I think all educators can agree: Parents will find most anything to complain about. My daughter is entering Pre-K this year, so in about two weeks I'm sure I'll understand their perspective too. But, for right now, I can't help thinking a large percentage of parent whining is silly and useless. We are all trying to do what seems like the best idea at the time for keeping our children publicly educated. Sometimes it works out; other times it doesn't. If you don't like what's happening, chances are we don't either. I'm not saying don't try to change what you don't like, but don't blame the teachers or even the administrators. We really are doing our best.
The particular beef for parents of students at our school right now is block schedule. We recently moved to a full block schedule from a ridiculous - no, scratch that and make it completely idiotic - modified block schedule. Last year, students went to seven 50-minute classes a day for three days out of the week, and four 90-minute blocks of those classes for two days out of the week. Of course, they only had seven classes total, so that left them with one period a week of "nothing" time, which went about like you'd expect. It also left teachers without a planning period one day out of the week. I thought I was just too green to handle what was going on, but at the end of the year I heard a veteran teacher I greatly respect admit that it was the worst year she'd ever had because of the schedule.
This year's schedule is like an oasis of rainbows and fluffy puppies in comparison. Students attend four classes a day. Each one is 90 minutes long and lasts one semester. They have the opportunity to earn eight credits in an academic year instead of seven. All teachers have 90 minutes of planning time per day. Instead of having 160-180 total students on our rosters at once, we have no more than about 90.
As a military kid, I myself attended three high schools. Two of them had six period days, the final one had a block schedule like the one we have now. I can say with absolute certainty that I learned more on a block schedule. On the other schedules, just when I felt like my brain was finally warming up to the content that was being thrown at me, it was time to switch modes again. How can we force kids to jump between SEVEN subjects in a span of eight hours, with all their social concerns thrown in between, and then expect them to actually retain any information they encounter?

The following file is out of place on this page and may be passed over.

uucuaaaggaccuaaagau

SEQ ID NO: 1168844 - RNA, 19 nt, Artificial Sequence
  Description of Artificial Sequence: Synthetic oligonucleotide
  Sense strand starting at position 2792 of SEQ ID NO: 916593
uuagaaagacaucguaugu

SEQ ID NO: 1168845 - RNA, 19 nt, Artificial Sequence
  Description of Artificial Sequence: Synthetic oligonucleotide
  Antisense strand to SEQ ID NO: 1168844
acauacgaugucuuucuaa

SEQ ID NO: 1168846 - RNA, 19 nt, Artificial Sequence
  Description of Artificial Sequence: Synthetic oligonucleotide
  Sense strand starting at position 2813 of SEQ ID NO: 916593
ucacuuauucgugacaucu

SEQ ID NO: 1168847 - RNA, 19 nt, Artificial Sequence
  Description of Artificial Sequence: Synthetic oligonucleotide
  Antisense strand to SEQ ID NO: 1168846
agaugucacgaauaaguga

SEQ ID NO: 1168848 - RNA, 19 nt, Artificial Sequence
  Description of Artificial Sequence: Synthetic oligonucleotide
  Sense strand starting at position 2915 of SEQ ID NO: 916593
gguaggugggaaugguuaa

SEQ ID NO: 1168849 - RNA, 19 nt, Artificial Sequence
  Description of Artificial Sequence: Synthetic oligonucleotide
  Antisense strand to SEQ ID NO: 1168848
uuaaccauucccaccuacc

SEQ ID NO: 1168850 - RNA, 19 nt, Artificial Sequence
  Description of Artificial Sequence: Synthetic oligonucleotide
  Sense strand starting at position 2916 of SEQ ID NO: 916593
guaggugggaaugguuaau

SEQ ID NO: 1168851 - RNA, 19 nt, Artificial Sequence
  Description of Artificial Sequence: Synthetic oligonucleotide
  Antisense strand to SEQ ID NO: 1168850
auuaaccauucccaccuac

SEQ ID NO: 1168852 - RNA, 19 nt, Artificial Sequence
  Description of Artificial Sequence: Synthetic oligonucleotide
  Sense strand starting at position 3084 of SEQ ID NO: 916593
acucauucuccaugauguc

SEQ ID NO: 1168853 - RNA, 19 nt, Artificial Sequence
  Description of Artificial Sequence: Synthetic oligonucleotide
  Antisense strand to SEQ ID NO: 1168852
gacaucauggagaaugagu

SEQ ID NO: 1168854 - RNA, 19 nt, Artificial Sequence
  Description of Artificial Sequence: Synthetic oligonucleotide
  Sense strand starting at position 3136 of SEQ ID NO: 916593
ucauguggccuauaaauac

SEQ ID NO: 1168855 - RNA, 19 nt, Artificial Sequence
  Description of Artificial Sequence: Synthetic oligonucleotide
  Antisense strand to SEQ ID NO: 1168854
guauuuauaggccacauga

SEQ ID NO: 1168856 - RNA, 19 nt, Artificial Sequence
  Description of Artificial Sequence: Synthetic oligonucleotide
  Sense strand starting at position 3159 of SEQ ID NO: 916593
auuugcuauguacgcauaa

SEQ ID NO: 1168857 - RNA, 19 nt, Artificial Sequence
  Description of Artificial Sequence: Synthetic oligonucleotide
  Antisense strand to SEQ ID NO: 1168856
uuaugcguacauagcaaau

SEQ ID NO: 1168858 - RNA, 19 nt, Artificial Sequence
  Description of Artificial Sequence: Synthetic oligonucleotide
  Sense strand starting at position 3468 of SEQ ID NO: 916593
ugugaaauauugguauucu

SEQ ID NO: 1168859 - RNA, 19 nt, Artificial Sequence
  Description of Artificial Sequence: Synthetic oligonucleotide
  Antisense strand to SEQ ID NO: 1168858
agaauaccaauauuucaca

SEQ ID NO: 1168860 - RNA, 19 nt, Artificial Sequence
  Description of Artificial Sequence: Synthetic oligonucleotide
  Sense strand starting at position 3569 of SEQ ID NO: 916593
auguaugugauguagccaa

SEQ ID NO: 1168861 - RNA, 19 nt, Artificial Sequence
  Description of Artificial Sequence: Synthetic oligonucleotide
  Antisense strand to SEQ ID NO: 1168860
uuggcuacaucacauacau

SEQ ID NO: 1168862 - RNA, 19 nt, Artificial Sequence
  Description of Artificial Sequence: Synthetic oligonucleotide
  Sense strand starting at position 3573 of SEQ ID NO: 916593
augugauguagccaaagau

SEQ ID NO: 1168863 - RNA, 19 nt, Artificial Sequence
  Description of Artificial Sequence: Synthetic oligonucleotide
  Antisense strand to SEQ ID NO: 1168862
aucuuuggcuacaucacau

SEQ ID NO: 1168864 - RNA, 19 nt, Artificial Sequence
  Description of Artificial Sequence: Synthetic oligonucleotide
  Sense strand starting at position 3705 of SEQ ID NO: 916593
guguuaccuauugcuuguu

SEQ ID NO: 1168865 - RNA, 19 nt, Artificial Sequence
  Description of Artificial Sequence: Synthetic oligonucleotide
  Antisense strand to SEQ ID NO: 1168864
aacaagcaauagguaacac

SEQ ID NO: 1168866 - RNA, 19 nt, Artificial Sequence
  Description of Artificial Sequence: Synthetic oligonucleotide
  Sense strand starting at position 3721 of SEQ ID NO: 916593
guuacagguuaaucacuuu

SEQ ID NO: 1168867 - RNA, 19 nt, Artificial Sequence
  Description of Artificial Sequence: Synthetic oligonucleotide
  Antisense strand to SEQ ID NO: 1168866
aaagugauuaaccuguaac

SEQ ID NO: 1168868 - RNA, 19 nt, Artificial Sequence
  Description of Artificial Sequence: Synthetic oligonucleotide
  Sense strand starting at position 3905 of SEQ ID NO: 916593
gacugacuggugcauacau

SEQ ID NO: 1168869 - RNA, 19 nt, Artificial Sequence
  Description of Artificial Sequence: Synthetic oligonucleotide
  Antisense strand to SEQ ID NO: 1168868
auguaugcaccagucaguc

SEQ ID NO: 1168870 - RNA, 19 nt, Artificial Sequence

Yes, there are some problems with a block schedule, but they pertain mostly to poor teaching technique. Some teachers complain about having to teach for 90 minutes at a time. Some claim you "can't" teach their subject on block (namely, math). Some are lecture-oriented, so they bore their kids for an hour and a half at a time. Some point to discipline issues.
But I took math on block, and it was the first time the coursework didn't fill me with an all-consuming hatred for arithmetic. I had time to become steeped in it like never before, and found that I actually kinda liked it. I wasn't half bad at it, either, like I'd been led to believe I was all my life. I find that if I keep working to be a better teacher and don't rely on the same lesson plans year after year, I can avoid lecturing more and more. Every time I throw my old lesson plans away and start over, I see a more student-driven classroom emerge. It's a lot of work, but with the increased planning time we can all adjust the way we teach as long as we're open to improvement. As for discipline issues, longer class periods and a lighter load of total students means more opportunity to get to know them. Students I get to know - really get to know - don't give me trouble with behavior. They're the ones who keep in touch with me long after they graduate and tell me about their lives.
If someone can come up with a legitimate reason for disliking block that I can't quickly debunk with a quick application of some light logic, I'll consider alternatives. So far, non-block's only champion seems to be laziness.